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Using Attractors for Better crowd management Disclosure Number: IPCOM000241162D
Publication Date: 2015-Mar-31
Document File: 4 page(s) / 37K

Publishing Venue

The Prior Art Database


A method on the use of attractors for better crowd management is disclosed. Attractors track and direct people to final destination points in safe, orderly, and efficient manner.

This text was extracted from a PDF file.
This is the abbreviated version, containing approximately 31% of the total text.

Page 01 of 4

Using Attractors for Better crowd management

Disclosed is the method on the use of attractors to better manage and control crowd movement so people can get to a final destination point in a more efficient, safe, and orderly manner. Attributes of attractors are as follow:

An attractor is a trigger that creates a navigation path that was not previously scheduled such that the direction of the navigation may be "pulled" toward, or "pushed" away from particular navigation nodes.

An attractor in one navigation path may trigger a new and previously unscheduled navigation path to be created for a different entity, or navigational device.

The navigation path in one navigation device may also trigger an attractor, with either a "push" or "pull" to be activated in another navigation device.

An attractor may be a forward attractor, having a "pull" direction toward a particular direction.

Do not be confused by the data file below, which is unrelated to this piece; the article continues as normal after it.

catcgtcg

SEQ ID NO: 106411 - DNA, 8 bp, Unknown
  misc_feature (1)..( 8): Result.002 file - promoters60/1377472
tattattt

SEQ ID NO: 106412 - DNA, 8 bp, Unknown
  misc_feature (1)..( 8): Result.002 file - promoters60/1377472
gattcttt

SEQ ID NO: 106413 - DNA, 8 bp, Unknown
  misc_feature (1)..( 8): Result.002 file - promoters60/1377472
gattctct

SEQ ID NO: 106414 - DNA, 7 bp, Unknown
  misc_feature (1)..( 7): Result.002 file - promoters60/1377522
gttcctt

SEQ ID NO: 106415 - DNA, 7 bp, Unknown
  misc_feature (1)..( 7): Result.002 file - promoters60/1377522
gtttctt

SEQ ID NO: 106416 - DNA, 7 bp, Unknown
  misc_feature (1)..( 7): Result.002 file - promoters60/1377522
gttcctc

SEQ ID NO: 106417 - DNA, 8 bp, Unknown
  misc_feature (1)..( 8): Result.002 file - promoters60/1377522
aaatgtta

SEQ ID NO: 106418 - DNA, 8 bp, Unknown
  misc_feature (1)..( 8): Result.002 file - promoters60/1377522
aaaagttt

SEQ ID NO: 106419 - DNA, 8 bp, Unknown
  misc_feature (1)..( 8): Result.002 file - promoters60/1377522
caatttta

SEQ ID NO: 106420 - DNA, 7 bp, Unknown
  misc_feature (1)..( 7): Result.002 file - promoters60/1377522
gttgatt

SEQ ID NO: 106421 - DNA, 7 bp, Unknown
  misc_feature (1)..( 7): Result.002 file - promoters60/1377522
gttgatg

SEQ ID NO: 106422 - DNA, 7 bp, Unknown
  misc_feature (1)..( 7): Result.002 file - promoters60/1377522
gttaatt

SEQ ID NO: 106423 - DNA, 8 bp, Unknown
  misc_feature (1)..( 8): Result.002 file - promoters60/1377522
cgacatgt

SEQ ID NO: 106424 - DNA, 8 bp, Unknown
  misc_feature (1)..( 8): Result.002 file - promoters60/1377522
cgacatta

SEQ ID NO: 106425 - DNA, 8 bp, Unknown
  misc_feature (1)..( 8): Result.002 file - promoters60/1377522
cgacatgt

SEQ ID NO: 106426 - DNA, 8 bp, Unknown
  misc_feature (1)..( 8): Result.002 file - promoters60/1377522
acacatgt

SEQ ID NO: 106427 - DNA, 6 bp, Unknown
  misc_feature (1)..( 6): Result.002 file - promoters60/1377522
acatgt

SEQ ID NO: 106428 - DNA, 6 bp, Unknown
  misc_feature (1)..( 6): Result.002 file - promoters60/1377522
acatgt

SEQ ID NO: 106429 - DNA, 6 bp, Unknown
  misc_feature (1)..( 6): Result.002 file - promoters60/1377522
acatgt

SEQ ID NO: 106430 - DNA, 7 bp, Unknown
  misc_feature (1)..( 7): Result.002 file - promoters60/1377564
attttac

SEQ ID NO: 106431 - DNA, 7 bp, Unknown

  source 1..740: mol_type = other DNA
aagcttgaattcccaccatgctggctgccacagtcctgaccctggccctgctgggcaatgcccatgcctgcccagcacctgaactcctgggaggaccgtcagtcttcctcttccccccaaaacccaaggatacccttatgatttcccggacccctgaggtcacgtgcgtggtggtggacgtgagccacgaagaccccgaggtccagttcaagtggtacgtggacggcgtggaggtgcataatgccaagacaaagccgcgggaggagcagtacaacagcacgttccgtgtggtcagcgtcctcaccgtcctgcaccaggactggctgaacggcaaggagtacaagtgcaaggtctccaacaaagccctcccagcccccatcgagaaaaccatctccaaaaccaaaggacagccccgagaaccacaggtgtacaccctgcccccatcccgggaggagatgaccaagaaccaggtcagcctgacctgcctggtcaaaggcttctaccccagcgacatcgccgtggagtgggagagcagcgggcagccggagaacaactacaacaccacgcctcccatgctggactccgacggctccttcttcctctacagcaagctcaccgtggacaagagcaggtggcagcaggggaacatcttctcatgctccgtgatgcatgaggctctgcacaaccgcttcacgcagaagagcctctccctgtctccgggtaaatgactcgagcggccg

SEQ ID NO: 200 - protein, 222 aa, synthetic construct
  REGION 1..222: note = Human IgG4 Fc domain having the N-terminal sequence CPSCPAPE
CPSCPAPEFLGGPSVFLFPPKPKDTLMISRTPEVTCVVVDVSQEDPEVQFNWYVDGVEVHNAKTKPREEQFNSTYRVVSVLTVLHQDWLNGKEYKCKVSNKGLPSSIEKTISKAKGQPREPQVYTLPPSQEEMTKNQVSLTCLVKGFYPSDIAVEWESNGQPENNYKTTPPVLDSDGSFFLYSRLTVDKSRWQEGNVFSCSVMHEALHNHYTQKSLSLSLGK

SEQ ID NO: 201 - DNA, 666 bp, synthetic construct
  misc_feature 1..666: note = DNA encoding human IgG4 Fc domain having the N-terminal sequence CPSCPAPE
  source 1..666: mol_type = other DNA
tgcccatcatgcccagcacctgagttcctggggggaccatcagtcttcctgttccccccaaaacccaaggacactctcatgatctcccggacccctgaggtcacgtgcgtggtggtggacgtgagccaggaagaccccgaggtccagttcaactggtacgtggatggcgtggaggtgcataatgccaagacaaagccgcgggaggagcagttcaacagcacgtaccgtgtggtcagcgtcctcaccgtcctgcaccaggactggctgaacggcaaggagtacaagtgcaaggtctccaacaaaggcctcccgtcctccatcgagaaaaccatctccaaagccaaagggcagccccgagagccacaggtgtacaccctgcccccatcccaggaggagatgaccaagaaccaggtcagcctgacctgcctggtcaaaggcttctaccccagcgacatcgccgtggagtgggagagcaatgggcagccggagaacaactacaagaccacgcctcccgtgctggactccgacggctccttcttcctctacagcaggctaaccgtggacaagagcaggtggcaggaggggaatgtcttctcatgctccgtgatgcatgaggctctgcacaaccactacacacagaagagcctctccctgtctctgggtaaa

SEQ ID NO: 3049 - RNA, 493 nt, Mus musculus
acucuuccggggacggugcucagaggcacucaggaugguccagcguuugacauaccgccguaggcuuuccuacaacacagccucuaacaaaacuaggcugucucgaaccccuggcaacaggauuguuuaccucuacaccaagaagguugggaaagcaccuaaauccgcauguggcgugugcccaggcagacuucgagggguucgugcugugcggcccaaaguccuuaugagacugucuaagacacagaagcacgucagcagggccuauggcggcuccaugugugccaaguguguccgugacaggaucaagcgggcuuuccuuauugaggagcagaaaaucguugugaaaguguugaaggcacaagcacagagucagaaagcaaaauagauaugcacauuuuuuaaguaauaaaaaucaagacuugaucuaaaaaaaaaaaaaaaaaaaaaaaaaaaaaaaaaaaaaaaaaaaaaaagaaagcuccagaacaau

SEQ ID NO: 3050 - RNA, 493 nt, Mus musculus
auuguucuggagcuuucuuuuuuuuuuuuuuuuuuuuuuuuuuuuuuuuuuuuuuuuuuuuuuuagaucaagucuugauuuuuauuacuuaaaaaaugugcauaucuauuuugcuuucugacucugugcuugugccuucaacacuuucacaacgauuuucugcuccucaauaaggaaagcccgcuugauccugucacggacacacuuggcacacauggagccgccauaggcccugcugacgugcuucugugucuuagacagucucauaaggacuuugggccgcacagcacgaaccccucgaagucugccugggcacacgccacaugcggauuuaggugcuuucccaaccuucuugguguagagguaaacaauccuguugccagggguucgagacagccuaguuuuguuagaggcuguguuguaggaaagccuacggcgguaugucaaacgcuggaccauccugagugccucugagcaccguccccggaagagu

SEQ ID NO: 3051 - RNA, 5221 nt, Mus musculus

An attractor may also be a reverse attractor, having a "push" direction away from a particular direction.

Different route segments may have different attractors, such that one segment may have a "push" attractor away from a particular node,

whereas the next segment may have a "pull" attractor toward a particular node.

The strength of an attractor may vary along the direction that it follows, meaning that the attractor strength may be stronger near one node and weaker closer to the opposite node. For example, a "push" may be stronger as one gets closer to a particular node in a navigation unit, and weaker as one gets away from that node.

The combination of "push" and "pull" attractors in the navigation nodes may cause a change of direction along the navigation path. This interaction may direct the navigation path toward the intended and desired location.

In some cases, an attractor may cause a previously nonexistent navigation path to be created, and request that navigation be initiated at a particular time.

Each device navigation path has a priority. This determines the route of a particular navigation path, which may gravitate either toward or away from certain nodes of a different navigation path in a different navigation device.

An attractor may be made to automatically be triggered as a result of events, or be triggered by direct intervention. At a given moment, how a particular sub-group of people is affected by the same set of events may differ from how others are affected by those same events, even though events may occur at the same time.

The attractor paths and destinations are dynamic in nature.


Page 02 of 4

Example Embodiment #1: With attractors on navigational devices, the initial plan was for user1 to pick up user2 at point A and meet user3 at point D. Because of an unexpected situation, people at point A needed to be evacuated and traffic restricted for areas east and southeast of point A. These restrictions mean user1, user2, and user3 can no longer meet at point D, so navigation is being "pushed" away from point D.

Using our system, the au...